How to best use a bedwetting alarm

Bedwetting alarms are very effective in curing bedwetting. But, alarm treatment takes time and patience. Avoid frustrations and maximize the chance of treatment success by following these recommendations:

Ensure you and your child understand how the alarm works

A bedwetting alarm is not complicated, but it is important that both you and your child understand exactly what to do when the alarm sounds. Effectiveness is greatly enhanced if your child is motivated to wake up quickly and fully, and then follows the recommended procedure. DryMaker® provides step-by-step instructions that are detailed and easy to understand.

Be prepared to use the alarm every night for at least 4 weeks and up to 3-4 months

It is only with time and consistent training that your child’s brain will adapt and eventually wake up before the bed is wet and the alarm is triggered. This usually takes several weeks and progress is often slow.

Issues you may initially encounter:

  • 1. Your child may not wake up to the alarm. If so, your assistance in waking up your child will be required. This will resolve with time, usually within 1-4 weeks, as your child gets used to waking up on his/her own.
  • 2. Your child will wake up after wetting the bed. This is normal and will diminish with consistent use of the alarm. You will first see less urine and wetting occurring later in the night, then fewer episodes, and eventually, dryness. Once your child is no longer wetting the bed, continue using the alarm for at least two more weeks.

Get your child committed and involved

It is very important that your child wants to become dry. He or she needs to be committed to waking up to the alarm and must be mature enough to understand what to do. For this reason, bedwetting alarms are usually recommended for children over five. However, more important than age, is the child’s desire to get dry.
DryMaker® supplies the tools and support you’ll need to help motivate your child, including a progress chart and a booklet on bedwetting designed specifically for young readers.

Stick with the treatment

The most common reason for failure with a bedwetting alarm is that children/families do not stick with the treatment long enough. Many parents buy an alarm with the expectation that their child will wake up to the alarm from the very start. This is often not the case. It can take weeks before a child wakes up on his or her own. Don’t give up on the treatment if your child is not waking up without assistance. Perseverance and consistency are crucial.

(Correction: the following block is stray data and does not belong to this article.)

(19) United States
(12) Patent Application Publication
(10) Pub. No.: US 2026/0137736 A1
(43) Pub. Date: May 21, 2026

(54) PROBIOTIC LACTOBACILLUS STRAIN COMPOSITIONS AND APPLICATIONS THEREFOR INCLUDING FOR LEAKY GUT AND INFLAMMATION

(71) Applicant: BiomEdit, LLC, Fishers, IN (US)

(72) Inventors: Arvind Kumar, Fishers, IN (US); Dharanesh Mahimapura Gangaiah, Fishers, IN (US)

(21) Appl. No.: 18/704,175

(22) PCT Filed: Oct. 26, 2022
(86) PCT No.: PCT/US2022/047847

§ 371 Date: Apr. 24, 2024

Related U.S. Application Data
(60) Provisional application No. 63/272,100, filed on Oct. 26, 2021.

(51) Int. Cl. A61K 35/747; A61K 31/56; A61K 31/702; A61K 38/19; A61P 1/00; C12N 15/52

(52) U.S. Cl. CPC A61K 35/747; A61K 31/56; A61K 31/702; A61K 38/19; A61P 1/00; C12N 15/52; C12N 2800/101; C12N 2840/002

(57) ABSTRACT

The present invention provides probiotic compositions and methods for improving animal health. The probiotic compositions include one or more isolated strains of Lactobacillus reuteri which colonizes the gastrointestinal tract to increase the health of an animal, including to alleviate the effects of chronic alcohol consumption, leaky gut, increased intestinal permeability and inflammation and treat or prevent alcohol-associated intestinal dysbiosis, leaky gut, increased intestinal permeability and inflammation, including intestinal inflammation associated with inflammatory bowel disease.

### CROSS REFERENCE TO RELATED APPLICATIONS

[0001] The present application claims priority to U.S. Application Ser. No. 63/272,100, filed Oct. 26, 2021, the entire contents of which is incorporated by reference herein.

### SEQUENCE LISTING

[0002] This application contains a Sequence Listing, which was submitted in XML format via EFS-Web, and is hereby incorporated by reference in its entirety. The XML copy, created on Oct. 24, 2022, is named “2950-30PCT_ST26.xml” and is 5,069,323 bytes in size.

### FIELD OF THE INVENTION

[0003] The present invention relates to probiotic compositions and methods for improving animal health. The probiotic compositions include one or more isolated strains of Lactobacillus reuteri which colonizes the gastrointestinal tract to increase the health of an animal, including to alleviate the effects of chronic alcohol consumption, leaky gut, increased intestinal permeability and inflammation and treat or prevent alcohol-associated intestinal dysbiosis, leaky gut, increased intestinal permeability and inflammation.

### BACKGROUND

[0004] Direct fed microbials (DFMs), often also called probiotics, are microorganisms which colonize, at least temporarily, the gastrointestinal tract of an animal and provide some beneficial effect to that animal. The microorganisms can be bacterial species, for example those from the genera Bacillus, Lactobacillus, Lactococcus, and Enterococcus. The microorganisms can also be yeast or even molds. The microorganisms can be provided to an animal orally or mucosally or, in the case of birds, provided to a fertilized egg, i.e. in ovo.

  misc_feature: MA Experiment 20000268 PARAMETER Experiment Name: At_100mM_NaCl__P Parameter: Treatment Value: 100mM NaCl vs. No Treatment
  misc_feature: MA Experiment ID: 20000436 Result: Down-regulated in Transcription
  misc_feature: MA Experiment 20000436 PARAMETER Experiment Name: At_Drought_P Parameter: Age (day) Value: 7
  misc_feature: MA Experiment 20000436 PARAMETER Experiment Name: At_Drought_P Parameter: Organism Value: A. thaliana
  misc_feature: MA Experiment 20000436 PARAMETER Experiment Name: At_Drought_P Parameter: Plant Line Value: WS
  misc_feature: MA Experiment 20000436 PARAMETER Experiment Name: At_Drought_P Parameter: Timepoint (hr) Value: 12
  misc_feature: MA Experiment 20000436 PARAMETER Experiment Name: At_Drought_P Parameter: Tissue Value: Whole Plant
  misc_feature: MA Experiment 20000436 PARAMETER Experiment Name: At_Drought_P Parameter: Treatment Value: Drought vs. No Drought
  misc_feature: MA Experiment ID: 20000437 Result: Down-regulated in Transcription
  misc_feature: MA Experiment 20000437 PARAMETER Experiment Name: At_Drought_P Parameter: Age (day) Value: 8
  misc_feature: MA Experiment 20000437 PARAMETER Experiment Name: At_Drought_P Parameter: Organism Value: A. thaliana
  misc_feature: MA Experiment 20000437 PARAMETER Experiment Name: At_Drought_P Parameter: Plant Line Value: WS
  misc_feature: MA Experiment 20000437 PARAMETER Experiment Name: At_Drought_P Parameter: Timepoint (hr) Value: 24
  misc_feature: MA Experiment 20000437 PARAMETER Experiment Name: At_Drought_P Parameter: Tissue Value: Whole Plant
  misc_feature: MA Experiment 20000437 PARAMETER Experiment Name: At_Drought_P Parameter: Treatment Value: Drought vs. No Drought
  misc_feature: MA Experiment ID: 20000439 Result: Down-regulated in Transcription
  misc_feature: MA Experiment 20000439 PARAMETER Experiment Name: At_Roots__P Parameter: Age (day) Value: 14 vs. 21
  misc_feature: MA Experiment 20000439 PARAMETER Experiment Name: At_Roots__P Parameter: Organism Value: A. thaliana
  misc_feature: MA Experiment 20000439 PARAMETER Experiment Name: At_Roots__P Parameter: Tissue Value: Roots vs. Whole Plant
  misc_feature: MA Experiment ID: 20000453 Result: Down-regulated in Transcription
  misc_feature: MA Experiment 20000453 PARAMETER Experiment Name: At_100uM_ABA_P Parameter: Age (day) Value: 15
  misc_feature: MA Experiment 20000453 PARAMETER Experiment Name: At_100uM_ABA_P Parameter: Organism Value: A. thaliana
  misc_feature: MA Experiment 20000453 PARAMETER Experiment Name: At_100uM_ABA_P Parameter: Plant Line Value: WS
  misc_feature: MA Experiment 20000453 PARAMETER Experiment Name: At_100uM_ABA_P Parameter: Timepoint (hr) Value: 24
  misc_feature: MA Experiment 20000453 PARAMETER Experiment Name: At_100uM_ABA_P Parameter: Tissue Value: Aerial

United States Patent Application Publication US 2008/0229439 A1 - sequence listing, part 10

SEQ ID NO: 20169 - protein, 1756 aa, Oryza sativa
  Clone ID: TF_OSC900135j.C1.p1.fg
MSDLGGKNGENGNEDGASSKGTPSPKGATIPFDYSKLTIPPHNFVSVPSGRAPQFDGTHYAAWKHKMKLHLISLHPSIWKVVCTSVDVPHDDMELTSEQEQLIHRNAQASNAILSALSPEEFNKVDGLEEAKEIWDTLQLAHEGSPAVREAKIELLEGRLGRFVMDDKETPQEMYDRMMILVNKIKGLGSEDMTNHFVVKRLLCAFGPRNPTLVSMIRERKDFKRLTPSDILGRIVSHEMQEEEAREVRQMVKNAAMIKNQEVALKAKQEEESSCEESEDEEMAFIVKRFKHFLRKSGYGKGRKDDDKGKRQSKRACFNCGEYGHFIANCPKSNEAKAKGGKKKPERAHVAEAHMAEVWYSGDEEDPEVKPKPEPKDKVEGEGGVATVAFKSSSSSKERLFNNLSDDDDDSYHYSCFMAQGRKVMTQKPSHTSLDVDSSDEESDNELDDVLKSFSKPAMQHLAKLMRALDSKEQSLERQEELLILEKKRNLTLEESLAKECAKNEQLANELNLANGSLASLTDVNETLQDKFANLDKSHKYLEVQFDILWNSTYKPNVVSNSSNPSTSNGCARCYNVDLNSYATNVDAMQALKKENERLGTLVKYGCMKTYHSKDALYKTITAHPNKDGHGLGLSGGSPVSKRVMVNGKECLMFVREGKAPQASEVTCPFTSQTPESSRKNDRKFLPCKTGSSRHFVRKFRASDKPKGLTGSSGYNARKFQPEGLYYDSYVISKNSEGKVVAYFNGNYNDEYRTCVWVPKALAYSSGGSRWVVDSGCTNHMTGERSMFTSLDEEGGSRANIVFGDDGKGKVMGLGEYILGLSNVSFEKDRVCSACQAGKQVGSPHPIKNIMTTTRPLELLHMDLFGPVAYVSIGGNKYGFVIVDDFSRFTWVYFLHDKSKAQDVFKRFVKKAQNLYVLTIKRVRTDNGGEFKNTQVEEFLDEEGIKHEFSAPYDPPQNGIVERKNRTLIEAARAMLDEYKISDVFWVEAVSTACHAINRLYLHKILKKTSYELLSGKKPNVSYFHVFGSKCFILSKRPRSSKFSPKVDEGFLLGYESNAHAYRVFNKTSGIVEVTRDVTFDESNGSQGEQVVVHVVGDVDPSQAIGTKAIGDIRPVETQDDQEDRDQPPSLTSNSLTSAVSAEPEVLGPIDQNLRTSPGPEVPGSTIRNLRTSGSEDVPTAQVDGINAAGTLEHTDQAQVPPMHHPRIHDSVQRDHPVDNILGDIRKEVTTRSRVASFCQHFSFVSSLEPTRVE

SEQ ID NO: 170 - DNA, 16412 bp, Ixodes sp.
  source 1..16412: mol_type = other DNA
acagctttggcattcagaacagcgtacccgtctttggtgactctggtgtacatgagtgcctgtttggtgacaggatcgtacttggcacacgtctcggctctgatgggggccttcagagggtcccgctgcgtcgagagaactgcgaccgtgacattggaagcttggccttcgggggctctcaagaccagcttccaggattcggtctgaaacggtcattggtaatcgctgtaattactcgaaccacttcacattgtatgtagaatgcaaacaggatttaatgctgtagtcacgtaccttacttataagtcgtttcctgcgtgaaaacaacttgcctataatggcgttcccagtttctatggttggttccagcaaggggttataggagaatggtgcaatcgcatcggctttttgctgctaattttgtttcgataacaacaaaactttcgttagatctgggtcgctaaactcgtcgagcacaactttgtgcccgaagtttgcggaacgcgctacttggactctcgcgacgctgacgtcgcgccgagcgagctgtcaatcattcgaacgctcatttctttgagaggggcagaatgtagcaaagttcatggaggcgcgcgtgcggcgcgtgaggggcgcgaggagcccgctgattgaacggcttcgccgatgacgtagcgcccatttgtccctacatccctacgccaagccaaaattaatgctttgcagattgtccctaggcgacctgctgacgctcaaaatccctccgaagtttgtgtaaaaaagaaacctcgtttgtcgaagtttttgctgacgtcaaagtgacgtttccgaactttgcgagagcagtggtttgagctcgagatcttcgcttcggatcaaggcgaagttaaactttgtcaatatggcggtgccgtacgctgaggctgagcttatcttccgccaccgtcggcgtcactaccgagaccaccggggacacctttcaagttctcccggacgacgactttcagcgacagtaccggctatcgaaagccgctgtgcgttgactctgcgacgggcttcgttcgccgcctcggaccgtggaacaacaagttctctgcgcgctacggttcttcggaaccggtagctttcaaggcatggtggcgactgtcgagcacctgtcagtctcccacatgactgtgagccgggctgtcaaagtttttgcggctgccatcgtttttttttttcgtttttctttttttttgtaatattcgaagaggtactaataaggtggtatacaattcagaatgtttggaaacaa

A bedwetting alarm does not work for all children or in all families. In some cases, a child may not be ready for bedwetting alarm treatment and will respond better in a year or two when sleep patterns have changed, the bladder has grown larger and he/she is more mature. Additionally, you can discuss other treatment options with your doctor. Don’t hesitate to ask for a referral to a pediatrician as some family physicians may not have this specialized expertise.

Simple things you can do to enhance the success of bedwetting alarm treatment

  • Restrict evening fluid intake
    Restrict your child’s fluid intake to no more than half a cup (125 ml) of liquid after supper. Less fluid means less urine. Even if this does not seem to help, evening fluid intake should be restricted with any bedwetting treatment.
  • Ensure adequate daytime fluid intake
    Do not restrict fluid intake during the day. Drinking too much in the evening can be the result of drinking too little during the day. Guidelines suggest a minimum of 6-8, 8 oz (240 ml) glasses of fluid per day for children ages six and over, but this varies depending on size, activity level, etc.
  • Go to the washroom before bedtime
    Make sure your child has an empty bladder before going to bed. This helps ensure that the bladder has maximum time to fill up again. Even if it does not seem to help, it is a good habit to get into and should always be done during treatment.
  • Avoid caffeine
    Caffeine stimulates the production of urine. Caffeinated beverages like Coca-Cola, coffee and non-herbal teas should be avoided as much as possible and not consumed at all in the evening.
  • Treat constipation
    If the intestine is filled with stool it puts pressure on the bladder, making it smaller and less able to hold enough urine. If your child has less than three bowel movements a week and/or other signs of constipation, you should get this treated. Talk to your doctor.
  • Have regular bedtime/sleep habits
  • Ensure easy access to washroom
  • Use a night light as this makes it easier to wake the child

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